We can go down the list and find major policy failings that allowed many, if not most, of the billionaires to make their billions. While these billionaires may all have been smart and hard-working, what allowed them to get such vast fortunes was a failure of public policy to organize the market efficiently. (This is essentially the point I make in Rigged [it’s free], and just about everything else I write.)

But, there are some cases that more or less fit the billionaire as great innovator story. While many of us have complaints about how Steve Jobs ran his business (e.g., exploitative labor practices in China and anti-poaching agreements with competitors for workers in the US), he did produce products that people really wanted to buy. People really like iPhones, so in that sense, Jobs did contribute to making society better-off.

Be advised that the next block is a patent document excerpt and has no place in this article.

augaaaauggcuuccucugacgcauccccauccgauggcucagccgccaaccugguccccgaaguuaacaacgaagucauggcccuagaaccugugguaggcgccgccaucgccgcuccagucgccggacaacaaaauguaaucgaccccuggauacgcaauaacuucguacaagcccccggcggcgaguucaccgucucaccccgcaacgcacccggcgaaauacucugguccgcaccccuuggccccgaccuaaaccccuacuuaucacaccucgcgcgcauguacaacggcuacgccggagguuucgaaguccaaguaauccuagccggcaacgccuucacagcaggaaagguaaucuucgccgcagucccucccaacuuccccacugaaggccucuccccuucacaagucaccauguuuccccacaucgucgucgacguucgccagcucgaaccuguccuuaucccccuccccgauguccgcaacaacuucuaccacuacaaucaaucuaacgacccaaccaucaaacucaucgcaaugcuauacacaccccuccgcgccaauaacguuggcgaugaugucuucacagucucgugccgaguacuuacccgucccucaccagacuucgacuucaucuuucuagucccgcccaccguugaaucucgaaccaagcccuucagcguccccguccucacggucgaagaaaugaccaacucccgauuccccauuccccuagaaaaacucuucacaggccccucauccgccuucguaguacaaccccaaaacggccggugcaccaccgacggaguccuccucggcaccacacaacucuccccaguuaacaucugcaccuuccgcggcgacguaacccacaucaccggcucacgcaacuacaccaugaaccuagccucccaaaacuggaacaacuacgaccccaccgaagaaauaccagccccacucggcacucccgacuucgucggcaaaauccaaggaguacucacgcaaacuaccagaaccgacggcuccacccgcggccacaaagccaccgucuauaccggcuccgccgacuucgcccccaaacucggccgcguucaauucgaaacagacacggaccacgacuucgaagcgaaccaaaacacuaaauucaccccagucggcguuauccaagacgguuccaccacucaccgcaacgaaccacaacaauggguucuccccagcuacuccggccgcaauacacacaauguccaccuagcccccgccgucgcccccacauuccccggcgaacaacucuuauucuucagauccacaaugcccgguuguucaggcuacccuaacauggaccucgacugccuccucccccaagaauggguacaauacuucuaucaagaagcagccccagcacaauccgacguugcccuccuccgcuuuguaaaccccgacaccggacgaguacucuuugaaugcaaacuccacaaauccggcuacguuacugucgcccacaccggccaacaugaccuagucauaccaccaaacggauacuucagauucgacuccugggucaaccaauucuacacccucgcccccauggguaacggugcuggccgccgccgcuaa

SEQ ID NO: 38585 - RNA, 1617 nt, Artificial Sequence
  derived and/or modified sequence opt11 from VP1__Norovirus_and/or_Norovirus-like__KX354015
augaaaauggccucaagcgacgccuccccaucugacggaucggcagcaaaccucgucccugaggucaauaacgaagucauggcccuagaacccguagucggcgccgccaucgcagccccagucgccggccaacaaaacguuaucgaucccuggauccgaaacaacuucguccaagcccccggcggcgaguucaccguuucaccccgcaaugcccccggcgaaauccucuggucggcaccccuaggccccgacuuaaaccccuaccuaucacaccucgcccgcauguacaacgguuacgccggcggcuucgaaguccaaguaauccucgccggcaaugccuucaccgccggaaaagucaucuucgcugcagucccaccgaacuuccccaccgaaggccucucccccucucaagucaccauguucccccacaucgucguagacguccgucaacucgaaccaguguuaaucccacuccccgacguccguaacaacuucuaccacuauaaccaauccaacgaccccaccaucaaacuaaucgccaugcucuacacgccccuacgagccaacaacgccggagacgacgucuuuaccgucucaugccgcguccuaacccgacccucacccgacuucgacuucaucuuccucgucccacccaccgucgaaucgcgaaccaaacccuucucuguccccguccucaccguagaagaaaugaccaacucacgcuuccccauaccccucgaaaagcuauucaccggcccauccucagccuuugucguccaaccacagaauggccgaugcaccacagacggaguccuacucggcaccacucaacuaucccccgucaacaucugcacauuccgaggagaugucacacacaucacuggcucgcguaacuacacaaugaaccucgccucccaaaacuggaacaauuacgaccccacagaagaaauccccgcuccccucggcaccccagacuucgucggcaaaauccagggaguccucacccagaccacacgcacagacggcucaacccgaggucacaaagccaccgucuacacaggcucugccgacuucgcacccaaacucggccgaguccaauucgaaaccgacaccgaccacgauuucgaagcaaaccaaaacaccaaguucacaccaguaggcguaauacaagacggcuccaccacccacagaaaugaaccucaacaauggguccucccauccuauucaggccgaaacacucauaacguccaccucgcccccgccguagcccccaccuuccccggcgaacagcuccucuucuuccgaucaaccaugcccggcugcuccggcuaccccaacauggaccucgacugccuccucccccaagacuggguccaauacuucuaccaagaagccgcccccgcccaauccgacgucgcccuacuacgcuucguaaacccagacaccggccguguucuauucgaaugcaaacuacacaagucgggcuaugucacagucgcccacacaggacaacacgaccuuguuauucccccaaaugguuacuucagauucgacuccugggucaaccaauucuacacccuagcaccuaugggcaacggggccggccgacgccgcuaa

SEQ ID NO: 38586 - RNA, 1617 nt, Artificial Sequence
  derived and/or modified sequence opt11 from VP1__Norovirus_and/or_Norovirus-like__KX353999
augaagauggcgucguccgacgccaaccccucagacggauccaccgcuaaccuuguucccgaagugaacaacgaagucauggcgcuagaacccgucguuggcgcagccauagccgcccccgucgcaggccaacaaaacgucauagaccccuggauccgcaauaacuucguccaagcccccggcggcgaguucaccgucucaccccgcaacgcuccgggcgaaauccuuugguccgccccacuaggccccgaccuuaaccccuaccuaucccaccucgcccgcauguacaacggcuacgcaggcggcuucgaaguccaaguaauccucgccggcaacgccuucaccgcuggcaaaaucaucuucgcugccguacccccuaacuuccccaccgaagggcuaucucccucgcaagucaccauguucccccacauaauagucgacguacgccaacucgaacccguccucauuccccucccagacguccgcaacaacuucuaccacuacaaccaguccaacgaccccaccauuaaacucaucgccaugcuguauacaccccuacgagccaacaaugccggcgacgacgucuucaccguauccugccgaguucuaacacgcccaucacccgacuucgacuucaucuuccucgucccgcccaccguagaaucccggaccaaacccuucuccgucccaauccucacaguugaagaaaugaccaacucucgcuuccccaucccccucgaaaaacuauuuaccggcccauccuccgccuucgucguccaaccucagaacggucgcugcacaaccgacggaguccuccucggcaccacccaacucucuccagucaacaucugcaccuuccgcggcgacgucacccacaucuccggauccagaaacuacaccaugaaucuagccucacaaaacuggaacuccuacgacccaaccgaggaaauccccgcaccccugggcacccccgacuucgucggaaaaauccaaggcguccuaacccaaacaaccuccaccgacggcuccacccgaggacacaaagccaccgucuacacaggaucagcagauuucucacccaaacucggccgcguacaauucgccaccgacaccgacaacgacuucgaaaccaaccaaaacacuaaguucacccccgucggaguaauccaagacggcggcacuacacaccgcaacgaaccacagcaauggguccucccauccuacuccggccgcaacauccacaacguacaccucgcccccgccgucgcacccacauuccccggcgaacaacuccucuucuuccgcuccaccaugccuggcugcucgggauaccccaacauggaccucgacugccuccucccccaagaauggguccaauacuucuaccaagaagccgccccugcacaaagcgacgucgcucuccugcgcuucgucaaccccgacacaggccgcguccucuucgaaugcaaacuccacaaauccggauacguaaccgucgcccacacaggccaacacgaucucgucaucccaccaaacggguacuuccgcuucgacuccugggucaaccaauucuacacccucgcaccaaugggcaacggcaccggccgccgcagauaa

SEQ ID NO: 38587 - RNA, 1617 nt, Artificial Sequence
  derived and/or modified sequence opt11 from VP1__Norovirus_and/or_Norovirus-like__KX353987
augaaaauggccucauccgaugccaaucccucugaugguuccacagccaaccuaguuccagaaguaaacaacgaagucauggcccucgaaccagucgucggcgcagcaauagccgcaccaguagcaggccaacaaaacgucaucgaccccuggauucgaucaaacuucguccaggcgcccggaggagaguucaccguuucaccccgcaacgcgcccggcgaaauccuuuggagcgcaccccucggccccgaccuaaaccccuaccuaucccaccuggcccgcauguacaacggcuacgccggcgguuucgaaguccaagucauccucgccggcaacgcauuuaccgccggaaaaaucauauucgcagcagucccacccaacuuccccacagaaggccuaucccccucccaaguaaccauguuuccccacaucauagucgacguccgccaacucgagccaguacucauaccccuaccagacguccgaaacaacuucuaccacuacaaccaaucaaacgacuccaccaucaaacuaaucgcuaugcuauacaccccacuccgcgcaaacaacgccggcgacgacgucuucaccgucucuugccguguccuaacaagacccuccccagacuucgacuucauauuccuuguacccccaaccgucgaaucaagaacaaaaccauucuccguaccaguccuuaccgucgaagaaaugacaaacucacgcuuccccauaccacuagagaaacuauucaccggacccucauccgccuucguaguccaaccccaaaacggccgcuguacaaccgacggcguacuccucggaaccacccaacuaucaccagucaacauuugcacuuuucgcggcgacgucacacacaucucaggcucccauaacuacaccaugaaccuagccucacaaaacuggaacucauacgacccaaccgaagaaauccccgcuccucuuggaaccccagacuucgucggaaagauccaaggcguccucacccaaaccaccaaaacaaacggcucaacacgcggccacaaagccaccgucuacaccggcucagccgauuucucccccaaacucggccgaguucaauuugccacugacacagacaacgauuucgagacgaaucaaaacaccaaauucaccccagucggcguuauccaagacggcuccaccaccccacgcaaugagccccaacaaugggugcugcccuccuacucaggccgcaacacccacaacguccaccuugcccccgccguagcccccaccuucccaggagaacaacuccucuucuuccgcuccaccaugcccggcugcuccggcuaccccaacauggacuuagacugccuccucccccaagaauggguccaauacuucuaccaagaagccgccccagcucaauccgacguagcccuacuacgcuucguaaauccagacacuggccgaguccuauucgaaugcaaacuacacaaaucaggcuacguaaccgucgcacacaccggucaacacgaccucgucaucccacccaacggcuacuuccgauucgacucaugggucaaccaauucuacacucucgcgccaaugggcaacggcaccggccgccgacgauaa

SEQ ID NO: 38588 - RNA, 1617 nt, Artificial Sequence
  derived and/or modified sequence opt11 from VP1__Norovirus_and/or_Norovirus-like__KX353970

While it is easy to identify many of the failures that have allowed for extreme wealth, there is still the question of whether a Steve Jobs-type may still get incredibly rich in a context where we have structured the economy efficiently rather than to redistribute income upward. In my view, it is certainly a possibility and not one that we need to spend a lot of time worrying about.

There is no doubt that we want progressive taxation, but this does have its limits. A very high tax rate is an invitation to avoidance and evasion. If we have a 90 percent marginal tax rate, we are effectively paying rich people 90 cents to hide a dollar of income. Or, to make the numbers more realistic, we are paying them $90 million to hide $100 million of income.

That is virtually guaranteed to get us a huge tax avoidance industry. That is a complete waste from an economic standpoint.